Love Sandwich

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This is a communications dynamic of give/ask/give, for example: give a compliment, make an unpleasant ask, give another compliment. We start our offer with positive things, insert the bad, and end with another good thing so the negative is de-emphasized and overlooked. It is generally required in written communications to be effective but works orally as well.


An example of this tactic is as follows (+/- added for emphasis): Prosecuting District Attorney: Your client goes free today (+), he accepts the no-brainer plea deal (-), and we avoid a lengthy jury trial (+). Public Defender: Thank you for the kind offer (+). Slow it down. You have one eye witness who was treated for macular degeneration two years ago, and one paid informant that was under the influence of LSD. This plea is a not a no-brainer; my client will be pleading to a felony, be unable to vote, and his second amendment rights will be taken away. This is an honest man’s life here. We are going to trial (-). But thank you for your openness and professionalism, and I know we can come to a fair and just conclusion (+).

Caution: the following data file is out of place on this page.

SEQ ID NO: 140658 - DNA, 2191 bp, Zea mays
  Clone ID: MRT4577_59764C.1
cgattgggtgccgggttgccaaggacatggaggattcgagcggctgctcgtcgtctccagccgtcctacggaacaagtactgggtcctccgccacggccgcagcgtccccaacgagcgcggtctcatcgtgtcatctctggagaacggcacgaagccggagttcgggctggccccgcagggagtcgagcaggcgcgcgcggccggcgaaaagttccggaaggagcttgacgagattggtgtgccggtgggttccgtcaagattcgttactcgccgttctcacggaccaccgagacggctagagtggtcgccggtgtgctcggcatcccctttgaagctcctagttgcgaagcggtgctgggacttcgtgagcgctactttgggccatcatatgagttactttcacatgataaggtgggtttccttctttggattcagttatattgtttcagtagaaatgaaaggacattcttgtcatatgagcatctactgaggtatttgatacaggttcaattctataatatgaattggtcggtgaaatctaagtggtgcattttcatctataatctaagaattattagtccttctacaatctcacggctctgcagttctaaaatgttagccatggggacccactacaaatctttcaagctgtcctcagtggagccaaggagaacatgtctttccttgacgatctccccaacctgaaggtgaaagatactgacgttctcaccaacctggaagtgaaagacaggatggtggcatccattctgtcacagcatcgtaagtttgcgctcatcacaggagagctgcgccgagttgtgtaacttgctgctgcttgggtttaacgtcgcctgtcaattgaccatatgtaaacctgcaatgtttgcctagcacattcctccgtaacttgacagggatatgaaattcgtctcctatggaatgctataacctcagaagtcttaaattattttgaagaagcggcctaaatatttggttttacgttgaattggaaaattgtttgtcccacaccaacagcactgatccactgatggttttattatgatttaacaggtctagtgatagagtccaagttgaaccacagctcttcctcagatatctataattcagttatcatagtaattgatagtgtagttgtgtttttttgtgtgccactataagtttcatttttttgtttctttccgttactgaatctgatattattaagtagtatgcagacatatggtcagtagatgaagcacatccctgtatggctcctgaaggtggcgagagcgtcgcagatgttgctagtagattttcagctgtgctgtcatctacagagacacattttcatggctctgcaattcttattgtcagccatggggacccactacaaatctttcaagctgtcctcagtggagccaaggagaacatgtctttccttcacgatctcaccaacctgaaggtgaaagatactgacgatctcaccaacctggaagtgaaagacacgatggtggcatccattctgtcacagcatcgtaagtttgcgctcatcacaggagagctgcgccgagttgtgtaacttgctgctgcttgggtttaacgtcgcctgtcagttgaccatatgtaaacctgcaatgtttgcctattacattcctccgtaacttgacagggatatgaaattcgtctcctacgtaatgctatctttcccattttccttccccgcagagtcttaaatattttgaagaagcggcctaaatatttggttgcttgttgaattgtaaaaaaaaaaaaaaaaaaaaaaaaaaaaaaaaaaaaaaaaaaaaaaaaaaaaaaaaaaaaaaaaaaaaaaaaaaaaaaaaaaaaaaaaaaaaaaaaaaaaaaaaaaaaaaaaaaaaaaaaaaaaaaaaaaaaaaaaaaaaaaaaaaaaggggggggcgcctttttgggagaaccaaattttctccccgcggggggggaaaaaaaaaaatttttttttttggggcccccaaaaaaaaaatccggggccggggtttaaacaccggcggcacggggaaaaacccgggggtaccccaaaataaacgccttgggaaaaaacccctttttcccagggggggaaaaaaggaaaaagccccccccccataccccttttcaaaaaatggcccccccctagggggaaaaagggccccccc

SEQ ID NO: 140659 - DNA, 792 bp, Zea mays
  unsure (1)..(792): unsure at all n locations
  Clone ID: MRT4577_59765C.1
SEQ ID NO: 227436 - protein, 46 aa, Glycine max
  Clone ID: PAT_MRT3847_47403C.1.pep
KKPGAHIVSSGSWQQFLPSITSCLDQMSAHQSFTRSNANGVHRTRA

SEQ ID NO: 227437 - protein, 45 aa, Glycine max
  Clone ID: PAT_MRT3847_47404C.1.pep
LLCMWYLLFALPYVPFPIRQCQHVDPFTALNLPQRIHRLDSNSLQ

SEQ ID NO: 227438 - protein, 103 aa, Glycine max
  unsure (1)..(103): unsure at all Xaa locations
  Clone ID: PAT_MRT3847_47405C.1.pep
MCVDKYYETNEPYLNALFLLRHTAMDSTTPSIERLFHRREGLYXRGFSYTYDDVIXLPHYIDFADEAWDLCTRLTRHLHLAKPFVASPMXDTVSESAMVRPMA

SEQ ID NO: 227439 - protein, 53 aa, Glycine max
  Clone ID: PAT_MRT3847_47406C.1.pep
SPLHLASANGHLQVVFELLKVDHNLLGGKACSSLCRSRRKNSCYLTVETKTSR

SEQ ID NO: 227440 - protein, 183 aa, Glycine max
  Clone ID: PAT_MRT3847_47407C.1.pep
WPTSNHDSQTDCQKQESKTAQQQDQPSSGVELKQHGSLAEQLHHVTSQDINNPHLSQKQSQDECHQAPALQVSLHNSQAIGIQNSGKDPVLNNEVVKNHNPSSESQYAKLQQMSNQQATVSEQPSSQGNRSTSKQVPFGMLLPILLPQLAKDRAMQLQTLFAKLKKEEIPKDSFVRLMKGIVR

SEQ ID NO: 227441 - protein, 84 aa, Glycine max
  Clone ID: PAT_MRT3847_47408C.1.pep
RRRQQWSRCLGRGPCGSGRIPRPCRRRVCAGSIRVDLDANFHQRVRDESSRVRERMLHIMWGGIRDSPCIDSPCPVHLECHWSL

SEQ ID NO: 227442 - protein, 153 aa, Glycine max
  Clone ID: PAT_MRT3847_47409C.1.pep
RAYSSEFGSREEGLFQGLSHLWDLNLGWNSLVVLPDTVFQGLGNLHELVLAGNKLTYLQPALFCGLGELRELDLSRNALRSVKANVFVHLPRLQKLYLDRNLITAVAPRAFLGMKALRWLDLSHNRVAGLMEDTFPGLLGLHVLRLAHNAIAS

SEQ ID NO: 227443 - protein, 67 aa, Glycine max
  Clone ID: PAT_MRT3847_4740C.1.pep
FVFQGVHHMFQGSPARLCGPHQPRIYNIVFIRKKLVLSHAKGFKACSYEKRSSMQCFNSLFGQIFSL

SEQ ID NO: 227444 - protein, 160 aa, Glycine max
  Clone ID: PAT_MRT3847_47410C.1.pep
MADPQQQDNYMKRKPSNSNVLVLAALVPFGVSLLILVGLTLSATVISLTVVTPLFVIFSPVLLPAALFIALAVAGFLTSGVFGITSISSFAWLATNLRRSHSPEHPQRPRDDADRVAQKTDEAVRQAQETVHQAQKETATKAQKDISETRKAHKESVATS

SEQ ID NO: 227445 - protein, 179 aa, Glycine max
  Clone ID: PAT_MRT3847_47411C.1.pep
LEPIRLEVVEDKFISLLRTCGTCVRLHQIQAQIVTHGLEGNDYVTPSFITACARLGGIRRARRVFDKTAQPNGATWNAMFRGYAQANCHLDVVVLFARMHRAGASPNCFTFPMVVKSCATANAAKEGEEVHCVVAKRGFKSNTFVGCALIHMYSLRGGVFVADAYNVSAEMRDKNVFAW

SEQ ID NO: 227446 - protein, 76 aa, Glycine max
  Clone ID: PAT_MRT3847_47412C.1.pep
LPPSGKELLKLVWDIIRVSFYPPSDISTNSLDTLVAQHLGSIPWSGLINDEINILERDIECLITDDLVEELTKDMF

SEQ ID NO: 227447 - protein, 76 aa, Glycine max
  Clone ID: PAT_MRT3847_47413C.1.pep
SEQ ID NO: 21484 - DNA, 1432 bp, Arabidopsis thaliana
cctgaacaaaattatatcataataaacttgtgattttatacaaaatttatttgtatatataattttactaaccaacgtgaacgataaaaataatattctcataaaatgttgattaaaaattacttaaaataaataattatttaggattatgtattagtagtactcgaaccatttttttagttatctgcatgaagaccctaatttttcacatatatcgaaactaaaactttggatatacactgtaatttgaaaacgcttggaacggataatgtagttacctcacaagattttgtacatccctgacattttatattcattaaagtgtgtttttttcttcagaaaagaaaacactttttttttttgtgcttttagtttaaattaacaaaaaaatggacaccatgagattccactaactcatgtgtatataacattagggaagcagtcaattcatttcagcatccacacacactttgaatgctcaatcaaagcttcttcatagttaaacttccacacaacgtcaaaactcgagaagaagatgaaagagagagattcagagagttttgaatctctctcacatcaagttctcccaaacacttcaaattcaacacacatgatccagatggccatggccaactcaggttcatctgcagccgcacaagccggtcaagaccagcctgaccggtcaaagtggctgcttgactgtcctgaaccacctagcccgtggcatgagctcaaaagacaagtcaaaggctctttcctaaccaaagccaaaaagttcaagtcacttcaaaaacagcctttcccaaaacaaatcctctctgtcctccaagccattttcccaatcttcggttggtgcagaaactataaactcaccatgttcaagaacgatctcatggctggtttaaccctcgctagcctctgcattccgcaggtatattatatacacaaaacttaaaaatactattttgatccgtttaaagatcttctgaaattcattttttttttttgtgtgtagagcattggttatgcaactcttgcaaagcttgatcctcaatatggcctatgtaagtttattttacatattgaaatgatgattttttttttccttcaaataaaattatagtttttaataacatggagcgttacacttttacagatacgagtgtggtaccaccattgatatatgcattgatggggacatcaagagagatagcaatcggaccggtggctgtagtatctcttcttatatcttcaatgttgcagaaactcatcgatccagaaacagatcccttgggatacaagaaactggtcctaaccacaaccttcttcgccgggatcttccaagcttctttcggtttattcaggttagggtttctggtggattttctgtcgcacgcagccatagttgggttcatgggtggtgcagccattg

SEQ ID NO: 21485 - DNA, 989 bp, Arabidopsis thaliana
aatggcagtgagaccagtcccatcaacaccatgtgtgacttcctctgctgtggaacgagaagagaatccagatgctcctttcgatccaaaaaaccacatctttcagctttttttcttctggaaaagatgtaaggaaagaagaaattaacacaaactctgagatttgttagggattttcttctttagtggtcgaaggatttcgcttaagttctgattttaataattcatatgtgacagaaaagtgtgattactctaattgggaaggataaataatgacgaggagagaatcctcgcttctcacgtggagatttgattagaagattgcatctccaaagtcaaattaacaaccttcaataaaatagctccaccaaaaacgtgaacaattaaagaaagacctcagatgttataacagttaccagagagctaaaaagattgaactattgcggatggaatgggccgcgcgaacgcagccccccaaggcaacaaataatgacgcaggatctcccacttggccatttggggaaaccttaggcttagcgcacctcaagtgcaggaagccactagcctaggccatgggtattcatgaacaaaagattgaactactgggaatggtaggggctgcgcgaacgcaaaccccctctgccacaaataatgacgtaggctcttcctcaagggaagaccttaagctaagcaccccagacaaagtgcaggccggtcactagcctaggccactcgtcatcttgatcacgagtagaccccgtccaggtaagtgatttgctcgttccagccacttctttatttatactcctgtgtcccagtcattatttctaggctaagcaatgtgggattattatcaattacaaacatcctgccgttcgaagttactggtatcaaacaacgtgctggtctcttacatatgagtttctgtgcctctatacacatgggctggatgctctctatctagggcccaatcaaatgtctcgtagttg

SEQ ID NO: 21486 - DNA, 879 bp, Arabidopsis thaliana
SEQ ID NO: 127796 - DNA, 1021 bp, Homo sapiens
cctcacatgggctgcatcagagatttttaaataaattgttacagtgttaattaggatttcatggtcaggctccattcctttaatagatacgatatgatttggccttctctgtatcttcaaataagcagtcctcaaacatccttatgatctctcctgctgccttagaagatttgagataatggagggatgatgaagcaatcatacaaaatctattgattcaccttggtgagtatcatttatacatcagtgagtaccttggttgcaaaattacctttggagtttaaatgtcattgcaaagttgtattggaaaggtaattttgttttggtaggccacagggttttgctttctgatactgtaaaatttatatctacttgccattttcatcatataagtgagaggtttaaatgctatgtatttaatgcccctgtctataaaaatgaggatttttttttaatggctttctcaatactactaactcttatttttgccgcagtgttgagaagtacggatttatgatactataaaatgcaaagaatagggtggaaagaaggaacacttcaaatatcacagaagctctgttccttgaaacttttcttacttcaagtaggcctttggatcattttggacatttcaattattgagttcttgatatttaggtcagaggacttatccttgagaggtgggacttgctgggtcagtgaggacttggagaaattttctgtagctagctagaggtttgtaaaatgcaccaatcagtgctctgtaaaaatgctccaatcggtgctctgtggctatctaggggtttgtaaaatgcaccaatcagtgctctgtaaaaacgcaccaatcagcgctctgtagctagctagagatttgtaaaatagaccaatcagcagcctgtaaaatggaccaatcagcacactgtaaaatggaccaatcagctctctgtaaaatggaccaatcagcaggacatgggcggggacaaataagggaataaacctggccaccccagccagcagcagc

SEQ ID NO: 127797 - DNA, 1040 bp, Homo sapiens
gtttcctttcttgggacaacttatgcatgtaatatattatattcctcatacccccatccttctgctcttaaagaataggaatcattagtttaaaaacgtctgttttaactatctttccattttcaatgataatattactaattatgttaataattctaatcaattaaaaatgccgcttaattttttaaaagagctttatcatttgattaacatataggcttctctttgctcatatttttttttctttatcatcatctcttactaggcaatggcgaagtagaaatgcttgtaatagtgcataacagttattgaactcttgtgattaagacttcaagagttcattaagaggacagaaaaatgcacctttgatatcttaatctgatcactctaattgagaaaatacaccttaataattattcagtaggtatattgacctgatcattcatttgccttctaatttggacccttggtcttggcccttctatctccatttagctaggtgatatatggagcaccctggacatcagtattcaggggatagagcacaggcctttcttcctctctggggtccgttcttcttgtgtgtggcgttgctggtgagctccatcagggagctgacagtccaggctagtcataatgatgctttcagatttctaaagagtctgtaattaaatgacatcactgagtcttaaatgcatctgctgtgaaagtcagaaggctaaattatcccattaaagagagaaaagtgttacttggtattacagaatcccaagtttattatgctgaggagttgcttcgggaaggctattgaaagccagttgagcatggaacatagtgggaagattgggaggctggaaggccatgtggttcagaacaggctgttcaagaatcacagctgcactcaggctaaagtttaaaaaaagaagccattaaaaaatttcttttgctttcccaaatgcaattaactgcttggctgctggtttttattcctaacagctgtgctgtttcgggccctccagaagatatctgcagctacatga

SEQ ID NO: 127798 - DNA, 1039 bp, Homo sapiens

Slow it down and take the sandwich apart. Emphasize the bad part of the love sandwich: the middle part. Call out the impact of the bad parts. No deal unless the middle is addressed to meet your need. An open-ended question is a great counter tactic.

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